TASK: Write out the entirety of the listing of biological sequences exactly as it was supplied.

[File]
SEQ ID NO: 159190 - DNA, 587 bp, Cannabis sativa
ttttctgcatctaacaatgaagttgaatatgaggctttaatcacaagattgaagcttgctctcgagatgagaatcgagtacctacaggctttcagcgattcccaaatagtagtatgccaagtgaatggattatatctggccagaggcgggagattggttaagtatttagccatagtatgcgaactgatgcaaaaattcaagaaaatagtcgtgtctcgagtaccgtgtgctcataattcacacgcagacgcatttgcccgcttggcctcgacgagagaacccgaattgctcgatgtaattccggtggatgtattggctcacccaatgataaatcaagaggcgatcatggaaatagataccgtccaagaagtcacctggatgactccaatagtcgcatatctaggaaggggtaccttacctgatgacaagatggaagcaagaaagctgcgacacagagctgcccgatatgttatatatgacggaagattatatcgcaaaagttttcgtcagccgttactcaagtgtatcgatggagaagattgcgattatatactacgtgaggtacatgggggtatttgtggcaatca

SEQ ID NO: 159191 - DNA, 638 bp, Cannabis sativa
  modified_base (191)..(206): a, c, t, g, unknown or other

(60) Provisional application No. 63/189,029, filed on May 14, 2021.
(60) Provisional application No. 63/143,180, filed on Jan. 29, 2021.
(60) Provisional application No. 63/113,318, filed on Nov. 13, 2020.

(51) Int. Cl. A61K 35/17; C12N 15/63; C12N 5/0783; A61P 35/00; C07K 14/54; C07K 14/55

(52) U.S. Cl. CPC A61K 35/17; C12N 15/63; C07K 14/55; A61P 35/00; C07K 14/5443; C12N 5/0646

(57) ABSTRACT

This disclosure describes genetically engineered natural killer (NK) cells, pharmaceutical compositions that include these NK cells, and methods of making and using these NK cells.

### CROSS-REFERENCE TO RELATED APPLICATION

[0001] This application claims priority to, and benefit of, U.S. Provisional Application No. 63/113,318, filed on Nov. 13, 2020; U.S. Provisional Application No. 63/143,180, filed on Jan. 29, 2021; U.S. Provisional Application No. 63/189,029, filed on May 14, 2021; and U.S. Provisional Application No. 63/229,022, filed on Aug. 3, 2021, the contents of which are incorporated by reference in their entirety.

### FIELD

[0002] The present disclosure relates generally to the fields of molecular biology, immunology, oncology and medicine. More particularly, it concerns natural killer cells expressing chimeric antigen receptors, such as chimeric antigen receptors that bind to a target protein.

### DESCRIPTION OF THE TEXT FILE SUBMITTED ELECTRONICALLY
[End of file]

SEQ ID NO: 159190 - DNA, 587 bp, Cannabis sativa
ttttctgcatctaacaatgaagttgaatatgaggctttaatcacaagattgaagcttgctctcgagatgagaatcgagtacctacaggctttcagcgattcccaaatagtagtatgccaagtgaatggattatatctggccagaggcgggagattggttaagtatttagccatagtatgcgaactgatgcaaaaattcaagaaaatagtcgtgtctcgagtaccgtgtgctcataattcacacgcagacgcatttgcccgcttggcctcgacgagagaacccgaattgctcgatgtaattccggtggatgtattggctcacccaatgataaatcaagaggcgatcatggaaatagataccgtccaagaagtcacctggatgactccaatagtcgcatatctaggaaggggtaccttacctgatgacaagatggaagcaagaaagctgcgacacagagctgcccgatatgttatatatgacggaagattatatcgcaaaagttttcgtcagccgttactcaagtgtatcgatggagaagattgcgattatatactacgtgaggtacatgggggtatttgtggcaatca

SEQ ID NO: 159191 - DNA, 638 bp, Cannabis sativa
  modified_base (191)..(206): a, c, t, g, unknown or other

(60) Provisional application No. 63/189,029, filed on May 14, 2021.
(60) Provisional application No. 63/143,180, filed on Jan. 29, 2021.
(60) Provisional application No. 63/113,318, filed on Nov. 13, 2020.

(51) Int. Cl. A61K 35/17; C12N 15/63; C12N 5/0783; A61P 35/00; C07K 14/54; C07K 14/55

(52) U.S. Cl. CPC A61K 35/17; C12N 15/63; C07K 14/55; A61P 35/00; C07K 14/5443; C12N 5/0646

(57) ABSTRACT

This disclosure describes genetically engineered natural killer (NK) cells, pharmaceutical compositions that include these NK cells, and methods of making and using these NK cells.

### CROSS-REFERENCE TO RELATED APPLICATION

[0001] This application claims priority to, and benefit of, U.S. Provisional Application No. 63/113,318, filed on Nov. 13, 2020; U.S. Provisional Application No. 63/143,180, filed on Jan. 29, 2021; U.S. Provisional Application No. 63/189,029, filed on May 14, 2021; and U.S. Provisional Application No. 63/229,022, filed on Aug. 3, 2021, the contents of which are incorporated by reference in their entirety.

### FIELD

[0002] The present disclosure relates generally to the fields of molecular biology, immunology, oncology and medicine. More particularly, it concerns natural killer cells expressing chimeric antigen receptors, such as chimeric antigen receptors that bind to a target protein.

### DESCRIPTION OF THE TEXT FILE SUBMITTED ELECTRONICALLY